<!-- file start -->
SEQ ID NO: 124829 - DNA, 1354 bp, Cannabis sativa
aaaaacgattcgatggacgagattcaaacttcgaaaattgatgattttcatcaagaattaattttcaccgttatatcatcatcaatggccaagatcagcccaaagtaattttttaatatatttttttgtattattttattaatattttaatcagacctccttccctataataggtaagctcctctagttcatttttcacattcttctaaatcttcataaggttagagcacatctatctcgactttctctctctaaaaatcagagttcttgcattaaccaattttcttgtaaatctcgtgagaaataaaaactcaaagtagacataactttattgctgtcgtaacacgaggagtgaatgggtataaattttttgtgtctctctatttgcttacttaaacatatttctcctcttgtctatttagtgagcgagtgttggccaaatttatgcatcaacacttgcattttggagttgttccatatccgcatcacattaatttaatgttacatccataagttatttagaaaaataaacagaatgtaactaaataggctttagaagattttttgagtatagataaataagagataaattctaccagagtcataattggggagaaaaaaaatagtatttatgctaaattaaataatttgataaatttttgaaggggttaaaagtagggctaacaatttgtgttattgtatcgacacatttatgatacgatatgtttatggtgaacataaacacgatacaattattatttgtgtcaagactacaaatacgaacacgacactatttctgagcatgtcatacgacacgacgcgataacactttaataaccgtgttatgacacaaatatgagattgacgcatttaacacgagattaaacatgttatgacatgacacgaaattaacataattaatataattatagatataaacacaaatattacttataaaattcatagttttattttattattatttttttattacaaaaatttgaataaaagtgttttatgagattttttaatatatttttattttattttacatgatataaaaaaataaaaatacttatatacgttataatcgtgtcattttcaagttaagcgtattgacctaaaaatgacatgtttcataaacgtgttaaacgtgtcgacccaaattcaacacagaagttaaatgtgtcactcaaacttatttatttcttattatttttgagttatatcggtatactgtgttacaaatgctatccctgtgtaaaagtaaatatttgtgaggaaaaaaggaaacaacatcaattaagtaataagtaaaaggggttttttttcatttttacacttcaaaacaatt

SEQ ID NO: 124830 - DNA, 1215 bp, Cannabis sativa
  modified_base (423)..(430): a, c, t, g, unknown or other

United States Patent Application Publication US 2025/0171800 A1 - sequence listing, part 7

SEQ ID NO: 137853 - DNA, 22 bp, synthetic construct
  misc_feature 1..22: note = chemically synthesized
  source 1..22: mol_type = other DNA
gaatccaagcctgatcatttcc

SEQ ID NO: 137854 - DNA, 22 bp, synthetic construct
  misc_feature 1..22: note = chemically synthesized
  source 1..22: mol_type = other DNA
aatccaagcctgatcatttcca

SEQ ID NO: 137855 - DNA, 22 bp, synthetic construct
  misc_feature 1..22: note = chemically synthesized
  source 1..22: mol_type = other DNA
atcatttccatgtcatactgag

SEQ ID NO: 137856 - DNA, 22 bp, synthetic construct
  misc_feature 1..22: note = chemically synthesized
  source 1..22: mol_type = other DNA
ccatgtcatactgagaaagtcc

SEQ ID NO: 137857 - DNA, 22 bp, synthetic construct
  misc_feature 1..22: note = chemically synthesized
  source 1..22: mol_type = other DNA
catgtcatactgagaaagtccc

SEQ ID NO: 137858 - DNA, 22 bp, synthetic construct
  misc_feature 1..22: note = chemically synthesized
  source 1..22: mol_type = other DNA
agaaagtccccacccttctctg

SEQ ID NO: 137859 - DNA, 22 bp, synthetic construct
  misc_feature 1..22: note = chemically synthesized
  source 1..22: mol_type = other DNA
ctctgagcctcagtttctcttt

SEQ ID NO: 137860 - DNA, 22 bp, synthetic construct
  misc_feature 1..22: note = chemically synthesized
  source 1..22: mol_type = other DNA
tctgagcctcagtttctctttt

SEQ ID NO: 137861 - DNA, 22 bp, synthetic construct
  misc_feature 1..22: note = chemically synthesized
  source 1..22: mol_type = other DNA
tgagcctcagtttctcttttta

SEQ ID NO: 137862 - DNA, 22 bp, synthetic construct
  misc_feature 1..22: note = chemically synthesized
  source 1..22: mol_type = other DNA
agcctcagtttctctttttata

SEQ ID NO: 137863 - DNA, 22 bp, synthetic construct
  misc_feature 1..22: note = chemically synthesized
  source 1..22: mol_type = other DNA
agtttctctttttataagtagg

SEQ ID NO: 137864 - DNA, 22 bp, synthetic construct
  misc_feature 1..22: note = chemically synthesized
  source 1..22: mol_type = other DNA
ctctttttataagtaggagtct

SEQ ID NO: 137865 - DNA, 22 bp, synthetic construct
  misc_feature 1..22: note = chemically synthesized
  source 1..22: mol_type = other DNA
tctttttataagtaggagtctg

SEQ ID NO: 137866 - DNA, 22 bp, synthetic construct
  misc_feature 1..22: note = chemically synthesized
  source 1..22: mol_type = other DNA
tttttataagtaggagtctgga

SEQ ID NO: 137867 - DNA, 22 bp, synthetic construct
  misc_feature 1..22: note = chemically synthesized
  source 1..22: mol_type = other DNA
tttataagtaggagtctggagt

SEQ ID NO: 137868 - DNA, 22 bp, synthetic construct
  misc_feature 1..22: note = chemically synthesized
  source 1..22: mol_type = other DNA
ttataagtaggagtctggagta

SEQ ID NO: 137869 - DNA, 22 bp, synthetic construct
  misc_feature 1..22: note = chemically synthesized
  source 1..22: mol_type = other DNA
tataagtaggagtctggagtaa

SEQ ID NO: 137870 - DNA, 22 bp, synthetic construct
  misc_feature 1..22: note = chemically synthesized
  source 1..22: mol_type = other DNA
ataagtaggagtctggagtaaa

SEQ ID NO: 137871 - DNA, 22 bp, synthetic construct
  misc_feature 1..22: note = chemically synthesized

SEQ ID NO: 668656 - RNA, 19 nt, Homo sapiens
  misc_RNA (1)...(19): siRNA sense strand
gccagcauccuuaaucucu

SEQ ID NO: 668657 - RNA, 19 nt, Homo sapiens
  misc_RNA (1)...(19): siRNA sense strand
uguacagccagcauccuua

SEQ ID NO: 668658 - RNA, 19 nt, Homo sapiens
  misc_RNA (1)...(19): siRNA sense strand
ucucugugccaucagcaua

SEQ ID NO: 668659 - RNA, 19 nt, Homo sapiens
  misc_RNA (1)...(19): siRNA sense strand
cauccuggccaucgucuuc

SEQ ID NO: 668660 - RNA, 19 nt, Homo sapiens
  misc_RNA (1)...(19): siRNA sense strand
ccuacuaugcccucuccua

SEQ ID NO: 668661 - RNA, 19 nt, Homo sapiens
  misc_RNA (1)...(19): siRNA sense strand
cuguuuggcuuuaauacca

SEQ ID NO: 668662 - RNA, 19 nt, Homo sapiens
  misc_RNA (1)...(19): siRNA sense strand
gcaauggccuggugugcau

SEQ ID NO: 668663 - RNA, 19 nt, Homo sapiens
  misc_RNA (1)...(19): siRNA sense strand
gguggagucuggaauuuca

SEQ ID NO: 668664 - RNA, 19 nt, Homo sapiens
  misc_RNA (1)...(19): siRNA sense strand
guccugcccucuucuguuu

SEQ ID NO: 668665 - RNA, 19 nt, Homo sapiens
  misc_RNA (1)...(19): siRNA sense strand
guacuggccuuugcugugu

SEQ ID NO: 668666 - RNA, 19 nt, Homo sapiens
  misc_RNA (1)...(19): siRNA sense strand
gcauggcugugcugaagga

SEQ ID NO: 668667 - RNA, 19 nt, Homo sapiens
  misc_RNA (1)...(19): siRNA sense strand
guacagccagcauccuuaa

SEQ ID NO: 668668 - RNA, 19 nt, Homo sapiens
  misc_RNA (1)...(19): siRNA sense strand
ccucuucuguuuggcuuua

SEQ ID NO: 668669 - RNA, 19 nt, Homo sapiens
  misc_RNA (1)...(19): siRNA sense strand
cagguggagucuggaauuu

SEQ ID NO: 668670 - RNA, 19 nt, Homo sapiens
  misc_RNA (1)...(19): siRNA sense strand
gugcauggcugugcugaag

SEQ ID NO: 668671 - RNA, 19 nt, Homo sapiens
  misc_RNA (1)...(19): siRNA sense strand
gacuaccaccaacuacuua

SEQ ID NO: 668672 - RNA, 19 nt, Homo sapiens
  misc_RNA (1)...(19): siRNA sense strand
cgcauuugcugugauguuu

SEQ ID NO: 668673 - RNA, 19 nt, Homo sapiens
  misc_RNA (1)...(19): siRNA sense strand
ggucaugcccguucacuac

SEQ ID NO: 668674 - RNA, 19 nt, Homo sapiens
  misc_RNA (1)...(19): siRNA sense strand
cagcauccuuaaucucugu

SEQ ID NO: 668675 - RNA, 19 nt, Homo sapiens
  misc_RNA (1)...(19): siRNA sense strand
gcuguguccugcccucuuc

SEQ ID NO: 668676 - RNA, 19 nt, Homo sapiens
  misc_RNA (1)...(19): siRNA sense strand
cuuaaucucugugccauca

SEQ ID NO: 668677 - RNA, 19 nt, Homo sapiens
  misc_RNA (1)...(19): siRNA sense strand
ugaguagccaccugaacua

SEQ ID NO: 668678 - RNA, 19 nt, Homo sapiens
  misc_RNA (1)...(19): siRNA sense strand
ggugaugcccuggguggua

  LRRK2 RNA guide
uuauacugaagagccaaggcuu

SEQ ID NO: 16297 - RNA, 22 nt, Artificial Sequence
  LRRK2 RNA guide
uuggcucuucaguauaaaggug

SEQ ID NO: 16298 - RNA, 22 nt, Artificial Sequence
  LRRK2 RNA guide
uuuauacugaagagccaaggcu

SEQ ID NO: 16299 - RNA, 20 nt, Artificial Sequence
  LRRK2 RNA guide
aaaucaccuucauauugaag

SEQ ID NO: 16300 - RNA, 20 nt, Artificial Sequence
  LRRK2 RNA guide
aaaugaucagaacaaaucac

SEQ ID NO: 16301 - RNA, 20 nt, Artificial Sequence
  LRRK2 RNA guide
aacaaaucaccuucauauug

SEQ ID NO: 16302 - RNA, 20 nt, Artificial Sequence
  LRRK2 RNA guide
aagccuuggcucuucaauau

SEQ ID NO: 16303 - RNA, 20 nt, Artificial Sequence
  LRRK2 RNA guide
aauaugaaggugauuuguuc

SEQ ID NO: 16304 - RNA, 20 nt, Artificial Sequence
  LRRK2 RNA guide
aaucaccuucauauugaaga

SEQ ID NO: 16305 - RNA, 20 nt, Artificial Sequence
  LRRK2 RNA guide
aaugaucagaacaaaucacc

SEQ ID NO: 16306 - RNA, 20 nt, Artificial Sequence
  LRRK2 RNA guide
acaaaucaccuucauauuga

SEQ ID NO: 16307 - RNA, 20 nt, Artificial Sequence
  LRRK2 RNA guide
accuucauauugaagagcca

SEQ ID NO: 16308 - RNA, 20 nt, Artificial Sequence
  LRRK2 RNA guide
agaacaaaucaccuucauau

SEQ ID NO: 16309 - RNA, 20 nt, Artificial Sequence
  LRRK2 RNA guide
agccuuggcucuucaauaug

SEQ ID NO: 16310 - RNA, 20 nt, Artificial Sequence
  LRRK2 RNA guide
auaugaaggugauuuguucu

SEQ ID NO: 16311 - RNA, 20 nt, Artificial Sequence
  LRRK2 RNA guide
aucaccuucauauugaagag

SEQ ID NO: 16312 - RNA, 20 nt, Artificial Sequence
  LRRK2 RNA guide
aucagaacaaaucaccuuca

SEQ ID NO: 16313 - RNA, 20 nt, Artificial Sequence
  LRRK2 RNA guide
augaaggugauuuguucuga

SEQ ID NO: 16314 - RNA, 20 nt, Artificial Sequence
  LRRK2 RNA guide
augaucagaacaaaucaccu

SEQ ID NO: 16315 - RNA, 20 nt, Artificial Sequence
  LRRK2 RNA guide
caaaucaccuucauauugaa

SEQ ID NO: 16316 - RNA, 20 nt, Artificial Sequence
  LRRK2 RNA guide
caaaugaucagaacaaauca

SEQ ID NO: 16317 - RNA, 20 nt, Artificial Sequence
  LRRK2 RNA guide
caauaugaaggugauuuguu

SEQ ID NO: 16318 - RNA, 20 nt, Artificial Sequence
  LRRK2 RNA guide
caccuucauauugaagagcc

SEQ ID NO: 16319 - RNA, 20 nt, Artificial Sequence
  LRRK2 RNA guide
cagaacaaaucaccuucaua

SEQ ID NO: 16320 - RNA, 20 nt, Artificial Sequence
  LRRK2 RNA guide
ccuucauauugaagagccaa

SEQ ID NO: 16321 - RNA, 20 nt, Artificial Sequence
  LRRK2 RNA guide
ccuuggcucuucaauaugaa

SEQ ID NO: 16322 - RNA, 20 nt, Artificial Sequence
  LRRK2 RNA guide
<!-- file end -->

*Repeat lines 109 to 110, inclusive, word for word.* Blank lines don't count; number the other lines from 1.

guacuggccuuugcugugu

SEQ ID NO: 668666 - RNA, 19 nt, Homo sapiens